Photon Energy Systems



Our world is faced with a growing crisis of global warming cause by greenhouse gas emissions, primarily consisting of CO2. Oil prices have skyrocketed, and no reductions are likely ever again.
A renewable energy society IS possible, and the transition is less costly than many would believe.
Although the US already has a small portion of its energy needs provided by renewable energy sources, including hydroelectric, wind, solar, geothermal, ethanol made from corn, and biodiesel, the US investment in solar still lags other major countries.
Of these, solar power has the least maintenance, and the potential for everyone to have their own power source. Cost has always been a big issue, but with Photon Energy Systems low cost modules, these costs drop dramatically. We are within reach of power systems, fully installed, of $2/watt.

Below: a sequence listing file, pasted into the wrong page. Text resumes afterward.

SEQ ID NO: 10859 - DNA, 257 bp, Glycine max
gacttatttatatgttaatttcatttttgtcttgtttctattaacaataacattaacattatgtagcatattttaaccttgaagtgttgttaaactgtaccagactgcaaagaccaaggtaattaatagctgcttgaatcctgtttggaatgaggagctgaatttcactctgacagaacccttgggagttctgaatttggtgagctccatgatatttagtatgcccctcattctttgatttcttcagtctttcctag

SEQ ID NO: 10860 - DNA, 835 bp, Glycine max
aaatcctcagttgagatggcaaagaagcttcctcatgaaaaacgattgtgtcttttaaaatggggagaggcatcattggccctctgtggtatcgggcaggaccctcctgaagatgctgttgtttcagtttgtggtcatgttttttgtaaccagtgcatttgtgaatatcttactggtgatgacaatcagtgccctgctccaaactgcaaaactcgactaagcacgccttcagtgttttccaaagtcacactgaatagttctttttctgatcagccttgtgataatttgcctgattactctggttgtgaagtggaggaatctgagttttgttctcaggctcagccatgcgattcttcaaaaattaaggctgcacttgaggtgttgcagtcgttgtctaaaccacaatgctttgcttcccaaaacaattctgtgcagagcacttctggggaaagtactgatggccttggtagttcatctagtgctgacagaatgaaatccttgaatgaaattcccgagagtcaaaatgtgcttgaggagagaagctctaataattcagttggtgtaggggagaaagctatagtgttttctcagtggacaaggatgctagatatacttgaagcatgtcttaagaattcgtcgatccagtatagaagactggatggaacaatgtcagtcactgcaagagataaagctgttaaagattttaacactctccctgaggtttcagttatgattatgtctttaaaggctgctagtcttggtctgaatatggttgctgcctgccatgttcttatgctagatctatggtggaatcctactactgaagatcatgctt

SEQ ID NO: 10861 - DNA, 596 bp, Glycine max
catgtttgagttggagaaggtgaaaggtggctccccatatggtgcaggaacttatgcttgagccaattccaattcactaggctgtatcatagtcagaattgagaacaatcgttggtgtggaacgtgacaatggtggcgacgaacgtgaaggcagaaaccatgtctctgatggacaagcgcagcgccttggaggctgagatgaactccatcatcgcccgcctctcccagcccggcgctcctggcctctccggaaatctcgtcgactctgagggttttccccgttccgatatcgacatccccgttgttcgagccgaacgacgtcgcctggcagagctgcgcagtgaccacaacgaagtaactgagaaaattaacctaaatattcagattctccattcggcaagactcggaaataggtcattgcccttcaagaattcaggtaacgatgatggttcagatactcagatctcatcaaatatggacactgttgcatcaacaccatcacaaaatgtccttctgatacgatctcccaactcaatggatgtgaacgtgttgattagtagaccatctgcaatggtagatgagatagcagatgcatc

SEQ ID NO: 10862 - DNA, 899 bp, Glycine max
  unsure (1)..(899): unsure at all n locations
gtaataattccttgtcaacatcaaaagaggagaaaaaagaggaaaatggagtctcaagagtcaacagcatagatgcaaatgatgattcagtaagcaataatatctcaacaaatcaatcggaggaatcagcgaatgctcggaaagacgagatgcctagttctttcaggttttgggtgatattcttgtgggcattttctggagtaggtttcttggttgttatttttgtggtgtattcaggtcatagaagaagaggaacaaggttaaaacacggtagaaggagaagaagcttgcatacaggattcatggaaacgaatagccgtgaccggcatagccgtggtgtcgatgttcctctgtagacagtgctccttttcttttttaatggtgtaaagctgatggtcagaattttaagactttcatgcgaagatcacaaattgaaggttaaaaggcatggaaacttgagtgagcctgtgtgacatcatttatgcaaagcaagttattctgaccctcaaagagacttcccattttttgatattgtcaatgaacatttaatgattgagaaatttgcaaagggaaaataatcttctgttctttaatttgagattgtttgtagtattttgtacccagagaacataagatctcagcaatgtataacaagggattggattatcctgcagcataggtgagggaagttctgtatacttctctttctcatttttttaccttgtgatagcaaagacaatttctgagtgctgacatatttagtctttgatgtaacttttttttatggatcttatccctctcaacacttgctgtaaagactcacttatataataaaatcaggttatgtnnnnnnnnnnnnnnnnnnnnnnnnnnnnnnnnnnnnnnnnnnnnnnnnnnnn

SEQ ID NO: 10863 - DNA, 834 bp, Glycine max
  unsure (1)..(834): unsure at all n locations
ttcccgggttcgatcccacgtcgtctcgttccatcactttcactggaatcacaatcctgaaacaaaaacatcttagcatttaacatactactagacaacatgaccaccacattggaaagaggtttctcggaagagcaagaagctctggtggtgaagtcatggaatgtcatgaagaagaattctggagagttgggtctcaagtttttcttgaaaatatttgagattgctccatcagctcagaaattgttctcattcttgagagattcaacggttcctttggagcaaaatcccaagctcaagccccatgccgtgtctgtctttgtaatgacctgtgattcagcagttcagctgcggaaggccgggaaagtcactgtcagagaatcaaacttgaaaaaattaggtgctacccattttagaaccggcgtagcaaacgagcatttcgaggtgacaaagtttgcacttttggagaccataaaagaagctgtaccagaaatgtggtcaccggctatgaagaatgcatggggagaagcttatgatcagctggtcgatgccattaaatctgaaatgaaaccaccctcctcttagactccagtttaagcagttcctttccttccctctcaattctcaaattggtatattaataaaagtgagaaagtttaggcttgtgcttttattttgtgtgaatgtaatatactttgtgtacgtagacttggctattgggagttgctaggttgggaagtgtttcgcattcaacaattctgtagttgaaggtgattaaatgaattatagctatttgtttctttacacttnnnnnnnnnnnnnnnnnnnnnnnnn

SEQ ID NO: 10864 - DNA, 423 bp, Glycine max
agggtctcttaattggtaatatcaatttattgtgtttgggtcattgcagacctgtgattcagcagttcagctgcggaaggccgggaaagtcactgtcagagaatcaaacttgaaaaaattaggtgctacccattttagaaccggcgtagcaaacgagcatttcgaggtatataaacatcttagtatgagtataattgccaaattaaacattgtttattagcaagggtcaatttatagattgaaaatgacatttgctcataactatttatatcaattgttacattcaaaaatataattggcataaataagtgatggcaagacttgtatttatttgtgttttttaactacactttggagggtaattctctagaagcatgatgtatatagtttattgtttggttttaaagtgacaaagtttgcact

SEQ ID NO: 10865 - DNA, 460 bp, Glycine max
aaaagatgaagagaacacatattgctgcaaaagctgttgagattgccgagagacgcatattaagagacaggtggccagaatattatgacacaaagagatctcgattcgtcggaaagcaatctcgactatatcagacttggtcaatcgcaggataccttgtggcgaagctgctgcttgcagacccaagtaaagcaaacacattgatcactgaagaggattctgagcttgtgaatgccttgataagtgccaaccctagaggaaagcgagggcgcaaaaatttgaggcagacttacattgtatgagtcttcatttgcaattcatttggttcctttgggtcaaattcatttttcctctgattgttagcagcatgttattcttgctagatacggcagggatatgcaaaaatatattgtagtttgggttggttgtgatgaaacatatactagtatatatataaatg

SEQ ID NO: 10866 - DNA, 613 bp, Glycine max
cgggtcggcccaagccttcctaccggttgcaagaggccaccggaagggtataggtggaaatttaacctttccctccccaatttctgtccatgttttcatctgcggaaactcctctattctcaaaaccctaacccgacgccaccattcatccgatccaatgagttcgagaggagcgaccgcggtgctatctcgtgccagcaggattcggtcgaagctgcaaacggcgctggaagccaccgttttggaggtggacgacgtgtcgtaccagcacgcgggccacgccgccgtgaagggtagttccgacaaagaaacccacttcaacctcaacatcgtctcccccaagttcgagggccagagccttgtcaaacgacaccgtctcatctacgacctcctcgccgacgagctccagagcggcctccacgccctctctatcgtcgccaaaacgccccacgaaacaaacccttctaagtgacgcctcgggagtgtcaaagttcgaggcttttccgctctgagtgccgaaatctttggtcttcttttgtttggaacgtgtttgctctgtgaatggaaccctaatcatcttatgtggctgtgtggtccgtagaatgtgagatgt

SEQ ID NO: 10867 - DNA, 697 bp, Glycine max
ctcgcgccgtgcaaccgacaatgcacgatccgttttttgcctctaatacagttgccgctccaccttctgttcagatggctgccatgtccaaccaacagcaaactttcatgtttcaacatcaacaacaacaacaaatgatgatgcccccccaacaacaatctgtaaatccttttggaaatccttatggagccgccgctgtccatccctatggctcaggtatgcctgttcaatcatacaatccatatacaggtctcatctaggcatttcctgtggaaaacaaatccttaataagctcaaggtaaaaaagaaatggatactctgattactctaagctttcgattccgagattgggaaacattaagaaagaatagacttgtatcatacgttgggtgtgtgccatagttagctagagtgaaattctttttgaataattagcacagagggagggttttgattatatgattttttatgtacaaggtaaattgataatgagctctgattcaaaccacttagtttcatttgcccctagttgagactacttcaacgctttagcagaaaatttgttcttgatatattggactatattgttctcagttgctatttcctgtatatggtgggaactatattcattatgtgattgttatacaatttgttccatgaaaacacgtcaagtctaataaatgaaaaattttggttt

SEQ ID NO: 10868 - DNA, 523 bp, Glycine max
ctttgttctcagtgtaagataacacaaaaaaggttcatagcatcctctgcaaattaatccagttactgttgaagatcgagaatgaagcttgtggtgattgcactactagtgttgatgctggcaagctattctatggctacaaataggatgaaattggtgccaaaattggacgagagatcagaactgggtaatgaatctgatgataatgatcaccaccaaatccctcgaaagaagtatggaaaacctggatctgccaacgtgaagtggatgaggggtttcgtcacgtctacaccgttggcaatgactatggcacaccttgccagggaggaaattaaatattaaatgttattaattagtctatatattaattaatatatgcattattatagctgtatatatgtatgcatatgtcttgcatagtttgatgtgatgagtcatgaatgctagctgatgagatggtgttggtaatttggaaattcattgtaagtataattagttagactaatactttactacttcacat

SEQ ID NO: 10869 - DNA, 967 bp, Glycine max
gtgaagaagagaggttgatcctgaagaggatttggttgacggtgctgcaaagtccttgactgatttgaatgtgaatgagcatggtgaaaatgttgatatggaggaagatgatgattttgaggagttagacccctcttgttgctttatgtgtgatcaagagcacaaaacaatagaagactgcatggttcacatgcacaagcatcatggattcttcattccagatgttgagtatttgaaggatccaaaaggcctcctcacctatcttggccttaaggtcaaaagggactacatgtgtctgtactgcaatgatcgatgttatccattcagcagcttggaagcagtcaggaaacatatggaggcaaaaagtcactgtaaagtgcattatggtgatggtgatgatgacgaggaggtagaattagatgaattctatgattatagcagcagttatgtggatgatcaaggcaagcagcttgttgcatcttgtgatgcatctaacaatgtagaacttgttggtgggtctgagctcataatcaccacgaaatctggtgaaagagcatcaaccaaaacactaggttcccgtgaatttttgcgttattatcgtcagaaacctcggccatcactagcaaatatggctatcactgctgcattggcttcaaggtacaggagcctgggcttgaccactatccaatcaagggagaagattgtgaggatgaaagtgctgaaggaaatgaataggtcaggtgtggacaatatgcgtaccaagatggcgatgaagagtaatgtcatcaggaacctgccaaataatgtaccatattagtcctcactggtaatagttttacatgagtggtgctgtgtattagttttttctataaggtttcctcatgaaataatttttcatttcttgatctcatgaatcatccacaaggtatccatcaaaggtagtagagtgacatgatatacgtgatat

Lets look at what it would take to build enough solar power systems to replace the entire US consumption of oil.

Variables Value Units
US oil consumptions (2004) 2.04E+07 barrels/day
US gas consumption 3.13E+11 gal/year
Energy equiv 1 gal in Prius 8 kwh
US energy consumption 2.50E+12 kwh
Capacity factor 18 %
CA equiv array 1576.8 kwh/year/kw
Power of US equiv solar array 1.59E+09 kw
Solar power typical 137.64 watt/sq meter
Size of US equiv solar array 4452.75 sq miles
Side of equiv square 66.73 miles
Installed cost rate $2.00 per watt
Total cost $3,173,333,333,333
US population 3.00E+08
Cost per person $10,577.78
Interest rate 6.00%
Payment period 20 yr
Total cost per person ($75.78) cost per mo